The Hostess as a Diarist

  • Susan K. Harris

Abstract

Both Annie Adams Fields and Mary Gladstone kept extensive diaries for over twenty years. With their letters, these volumes are the basis of what we know about their lives. Both women clearly saw the value of a chronological record of their activities; unlike twentieth-century diarists, however, they rarely recorded much that was intensely private. In fact most nineteenth-century diaries, especially as kept by women, concealed as much as they revealed. I begin this chapter by sketching out the general function of nineteenth-century diaries because without that framework it is difficult to understand how Gladstone and Fields conceived of their journals and the kind of “work” the diaries did as extensions of their keepers’ lives. Even as I proffer generalities, however, I suggest that little we claim about nineteenth-century diaries may hold true on close examination; although some excellent studies of diary literature have been published, they tend to apply only to small groups of texts. Much work remains to be done on nineteenth-century diary literature, in general and for specific demographic pools. Moreover as always, idiosyncratic individuals are capable of destroying any generalities—for every one thousand Victorian women who refrained from discussing their most culturally shameful thoughts or acts in their diaries, clearly, at least one confessed all. Whether we choose to examine the majority or the exceptions, of course, depends on what we are looking for.

Keywords

Depression Europe Income Refraction Tate 

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Notes

  1. 1.
    Harriet Blodgett, Ed., “Capacious Hold-All”: An Anthology of Englishwomen’s Diary Writings, Charlottesville: University Press of Virginia, 1991, 4. The Introduction contains a brief history of the evolution of the English diary.Google Scholar
  2. These include, but are not limited to, Robert A. Fothergill, Private Chronicles: A Study of English Diaries, London: Oxford University Press, 1974;Google Scholar
  3. Cynthia Huff, British Women’s Diaries: A Descriptive Bibliography of Selected Nineteenth-Century Women’s Manuscript Diaries, New York: AMS Press, 1985;Google Scholar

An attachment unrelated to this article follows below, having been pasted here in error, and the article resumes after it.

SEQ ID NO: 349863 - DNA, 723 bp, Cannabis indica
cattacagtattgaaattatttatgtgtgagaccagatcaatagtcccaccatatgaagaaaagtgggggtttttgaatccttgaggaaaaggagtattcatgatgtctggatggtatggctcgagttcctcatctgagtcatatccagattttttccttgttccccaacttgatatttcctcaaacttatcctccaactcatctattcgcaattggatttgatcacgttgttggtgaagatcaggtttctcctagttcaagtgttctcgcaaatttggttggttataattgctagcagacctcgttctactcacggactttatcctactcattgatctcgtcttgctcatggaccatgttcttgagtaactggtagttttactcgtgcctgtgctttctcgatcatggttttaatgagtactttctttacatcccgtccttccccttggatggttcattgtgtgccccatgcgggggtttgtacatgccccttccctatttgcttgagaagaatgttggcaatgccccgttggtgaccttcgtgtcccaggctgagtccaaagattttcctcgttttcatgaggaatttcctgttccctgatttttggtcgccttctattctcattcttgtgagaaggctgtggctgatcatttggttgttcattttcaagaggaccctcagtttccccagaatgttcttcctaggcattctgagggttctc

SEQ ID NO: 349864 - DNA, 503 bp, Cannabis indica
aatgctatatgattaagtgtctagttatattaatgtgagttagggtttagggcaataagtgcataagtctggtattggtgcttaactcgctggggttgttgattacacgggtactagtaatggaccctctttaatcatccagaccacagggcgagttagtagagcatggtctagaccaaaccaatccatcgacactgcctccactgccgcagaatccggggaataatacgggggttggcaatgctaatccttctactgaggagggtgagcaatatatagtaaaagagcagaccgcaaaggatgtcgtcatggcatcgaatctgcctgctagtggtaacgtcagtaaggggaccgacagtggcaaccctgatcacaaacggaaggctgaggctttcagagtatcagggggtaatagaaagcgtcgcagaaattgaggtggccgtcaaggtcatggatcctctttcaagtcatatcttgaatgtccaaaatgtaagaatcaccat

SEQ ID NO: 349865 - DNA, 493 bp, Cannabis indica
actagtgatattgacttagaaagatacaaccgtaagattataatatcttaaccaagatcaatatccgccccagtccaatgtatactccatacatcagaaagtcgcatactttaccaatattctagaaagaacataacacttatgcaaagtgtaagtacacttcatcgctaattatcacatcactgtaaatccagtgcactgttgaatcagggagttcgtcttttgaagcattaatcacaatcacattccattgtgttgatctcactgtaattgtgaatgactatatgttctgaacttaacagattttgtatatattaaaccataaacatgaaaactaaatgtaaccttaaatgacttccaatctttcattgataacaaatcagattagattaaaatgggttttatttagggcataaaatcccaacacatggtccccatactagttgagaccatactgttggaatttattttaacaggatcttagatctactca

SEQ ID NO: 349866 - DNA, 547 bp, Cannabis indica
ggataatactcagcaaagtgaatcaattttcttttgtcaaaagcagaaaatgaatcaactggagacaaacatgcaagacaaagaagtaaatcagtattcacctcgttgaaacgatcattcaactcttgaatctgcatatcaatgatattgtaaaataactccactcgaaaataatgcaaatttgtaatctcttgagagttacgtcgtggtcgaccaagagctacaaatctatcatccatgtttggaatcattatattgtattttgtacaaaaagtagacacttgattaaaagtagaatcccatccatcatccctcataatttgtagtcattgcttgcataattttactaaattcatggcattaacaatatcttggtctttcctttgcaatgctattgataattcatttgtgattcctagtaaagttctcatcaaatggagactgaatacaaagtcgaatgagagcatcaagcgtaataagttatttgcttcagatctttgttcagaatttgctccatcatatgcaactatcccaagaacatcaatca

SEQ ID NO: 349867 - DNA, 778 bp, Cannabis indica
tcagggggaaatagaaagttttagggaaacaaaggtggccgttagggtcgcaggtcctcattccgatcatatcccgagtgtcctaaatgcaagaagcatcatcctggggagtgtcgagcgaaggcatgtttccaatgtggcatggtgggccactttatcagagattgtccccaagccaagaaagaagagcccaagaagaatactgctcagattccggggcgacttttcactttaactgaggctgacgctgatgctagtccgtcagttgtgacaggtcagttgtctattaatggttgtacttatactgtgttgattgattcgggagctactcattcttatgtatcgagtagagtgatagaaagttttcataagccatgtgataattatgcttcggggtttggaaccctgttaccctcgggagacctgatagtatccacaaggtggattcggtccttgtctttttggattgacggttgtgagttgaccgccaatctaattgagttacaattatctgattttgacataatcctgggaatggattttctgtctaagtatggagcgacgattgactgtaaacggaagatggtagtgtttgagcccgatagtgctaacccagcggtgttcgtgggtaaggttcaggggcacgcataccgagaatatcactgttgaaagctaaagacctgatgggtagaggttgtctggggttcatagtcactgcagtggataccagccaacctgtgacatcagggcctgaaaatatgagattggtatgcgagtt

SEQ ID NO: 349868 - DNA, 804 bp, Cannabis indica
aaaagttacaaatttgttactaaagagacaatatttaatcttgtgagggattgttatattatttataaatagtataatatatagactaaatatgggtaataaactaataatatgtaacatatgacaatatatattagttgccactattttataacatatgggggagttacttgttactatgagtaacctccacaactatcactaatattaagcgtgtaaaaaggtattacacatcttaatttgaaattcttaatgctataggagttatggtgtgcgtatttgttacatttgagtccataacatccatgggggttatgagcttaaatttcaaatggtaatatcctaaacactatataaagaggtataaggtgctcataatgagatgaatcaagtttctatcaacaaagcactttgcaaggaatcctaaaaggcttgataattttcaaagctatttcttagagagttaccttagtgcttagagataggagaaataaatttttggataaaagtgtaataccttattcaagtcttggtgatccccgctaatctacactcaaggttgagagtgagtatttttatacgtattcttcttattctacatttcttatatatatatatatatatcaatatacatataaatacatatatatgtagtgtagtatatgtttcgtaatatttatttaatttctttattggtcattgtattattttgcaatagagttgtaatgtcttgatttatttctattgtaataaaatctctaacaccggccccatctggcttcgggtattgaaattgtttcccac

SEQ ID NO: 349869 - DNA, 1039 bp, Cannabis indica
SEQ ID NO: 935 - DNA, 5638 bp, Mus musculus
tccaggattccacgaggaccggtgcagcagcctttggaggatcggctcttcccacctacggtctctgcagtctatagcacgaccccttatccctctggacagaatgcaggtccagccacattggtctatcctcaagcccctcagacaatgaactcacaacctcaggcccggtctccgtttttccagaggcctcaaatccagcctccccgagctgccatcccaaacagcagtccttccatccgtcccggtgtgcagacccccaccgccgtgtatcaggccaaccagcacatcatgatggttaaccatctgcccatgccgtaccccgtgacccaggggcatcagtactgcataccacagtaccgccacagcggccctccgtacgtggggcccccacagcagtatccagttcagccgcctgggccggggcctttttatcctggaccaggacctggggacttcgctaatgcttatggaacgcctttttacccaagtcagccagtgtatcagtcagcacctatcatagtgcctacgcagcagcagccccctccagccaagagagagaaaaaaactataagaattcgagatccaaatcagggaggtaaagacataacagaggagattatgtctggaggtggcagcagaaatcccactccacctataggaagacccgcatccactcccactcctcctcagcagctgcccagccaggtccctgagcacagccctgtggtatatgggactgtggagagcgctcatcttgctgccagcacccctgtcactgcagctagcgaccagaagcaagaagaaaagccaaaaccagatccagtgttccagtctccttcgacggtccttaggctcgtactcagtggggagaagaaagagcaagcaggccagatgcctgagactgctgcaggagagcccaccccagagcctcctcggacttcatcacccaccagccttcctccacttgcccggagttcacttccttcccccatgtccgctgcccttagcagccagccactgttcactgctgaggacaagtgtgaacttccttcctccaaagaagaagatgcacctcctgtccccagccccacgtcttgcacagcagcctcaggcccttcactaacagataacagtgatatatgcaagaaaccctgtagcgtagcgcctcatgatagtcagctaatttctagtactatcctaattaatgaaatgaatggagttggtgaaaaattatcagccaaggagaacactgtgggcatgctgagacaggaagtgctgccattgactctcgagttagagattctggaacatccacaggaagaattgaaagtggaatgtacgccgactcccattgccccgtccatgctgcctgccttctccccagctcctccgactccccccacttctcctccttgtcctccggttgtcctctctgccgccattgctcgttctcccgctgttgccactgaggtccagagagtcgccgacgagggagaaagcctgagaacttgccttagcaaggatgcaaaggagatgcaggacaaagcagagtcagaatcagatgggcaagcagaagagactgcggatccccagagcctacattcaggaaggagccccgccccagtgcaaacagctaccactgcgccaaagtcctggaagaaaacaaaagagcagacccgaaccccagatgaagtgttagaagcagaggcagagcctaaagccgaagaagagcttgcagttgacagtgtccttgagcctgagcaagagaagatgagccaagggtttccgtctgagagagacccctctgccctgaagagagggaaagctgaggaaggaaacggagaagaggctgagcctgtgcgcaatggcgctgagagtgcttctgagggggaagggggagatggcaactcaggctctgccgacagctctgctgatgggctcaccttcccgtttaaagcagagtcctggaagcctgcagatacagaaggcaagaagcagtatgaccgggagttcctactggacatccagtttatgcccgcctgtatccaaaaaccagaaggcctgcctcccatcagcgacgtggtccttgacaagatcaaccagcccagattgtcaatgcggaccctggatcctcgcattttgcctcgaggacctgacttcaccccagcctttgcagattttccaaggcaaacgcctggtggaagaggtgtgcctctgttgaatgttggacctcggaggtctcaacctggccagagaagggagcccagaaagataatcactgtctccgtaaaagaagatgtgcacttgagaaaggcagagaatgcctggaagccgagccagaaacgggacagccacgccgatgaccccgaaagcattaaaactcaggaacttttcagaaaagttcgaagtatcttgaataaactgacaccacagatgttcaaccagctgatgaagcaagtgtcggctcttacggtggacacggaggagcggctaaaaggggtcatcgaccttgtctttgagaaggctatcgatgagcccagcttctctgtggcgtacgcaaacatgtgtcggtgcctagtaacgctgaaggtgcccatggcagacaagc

4. Penelope Franklin, Ed., Private Pages: Diaries of American Women, 1830s—1970s, New York: Ballantine Books, 1986;Google Scholar
  5. Ronald Blythe, Ed., The Pleasures of Diaries: Four Centuries of Private Writing, New York: Pantheon Books, 1989;Google Scholar
  6. Harriet Blodgett, Ed., Centuries of Female Days: Englishwomen’s Private Diaries, New Brunswick, N.J.: Rutgers University Press, 1988;Google Scholar
  7. 6.
    The choices (or lack of them) that diarists make in the selection of the material artifact are always informative. For instance as a child, Gladstones mother, Catherine Glynne, kept diaries that her own mother annually gave her and that therefore “authorized” a certain kind of entertaining apparatus and limited the kinds of entries she could make. Pre-formatted Ladies Diaries, they had ample front and back matter that included biographies of prominent historical women (The Ladies Entertaining Miscellany and Polite Repository for 1823 included bios of Anne Clifford, Boadicea, and Margaret Cavendish) and a section devoted to poetic riddles, but provided little space for writing (See Pocket Diaries of Catherine Gladstone, 1823–30, Gladstone-Glynne mss., 1764–71, Flintshire Record Office). Mary Gladstone’s own open-format notebooks form an interesting contrast. Diary entries also suggest that Gladstone cared about the materiality of her journals: in 1883 she abandoned one as “vile” and joyfully accepted the gift of another from Lord Acton (Lucy Masterman, Mary Gladstone: Her Diaries and Letters, Methuen & Co., 1930, 277).Google Scholar
  8. 16.
    Roy Jenkins, Gladstone, London: Macmillan, 1995, 109.Google Scholar
  9. 53.
    MG Papers, ADD 46,270, Folios 1–221, p. 193. Manuscripts Room, BL. These folios contain drafts of memoirs and articles written by MGD. In his biography of Acton, Roland Hill assumes that Mary Gladstone was in love with Acton, though he does not comment on the ways that Acton clearly encouraged the relationship. See Roland Hill, Lord Acton, New Haven: Yale University Press, 2000, 309.Google Scholar

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© Susan K. Harris 2002

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  • Susan K. Harris

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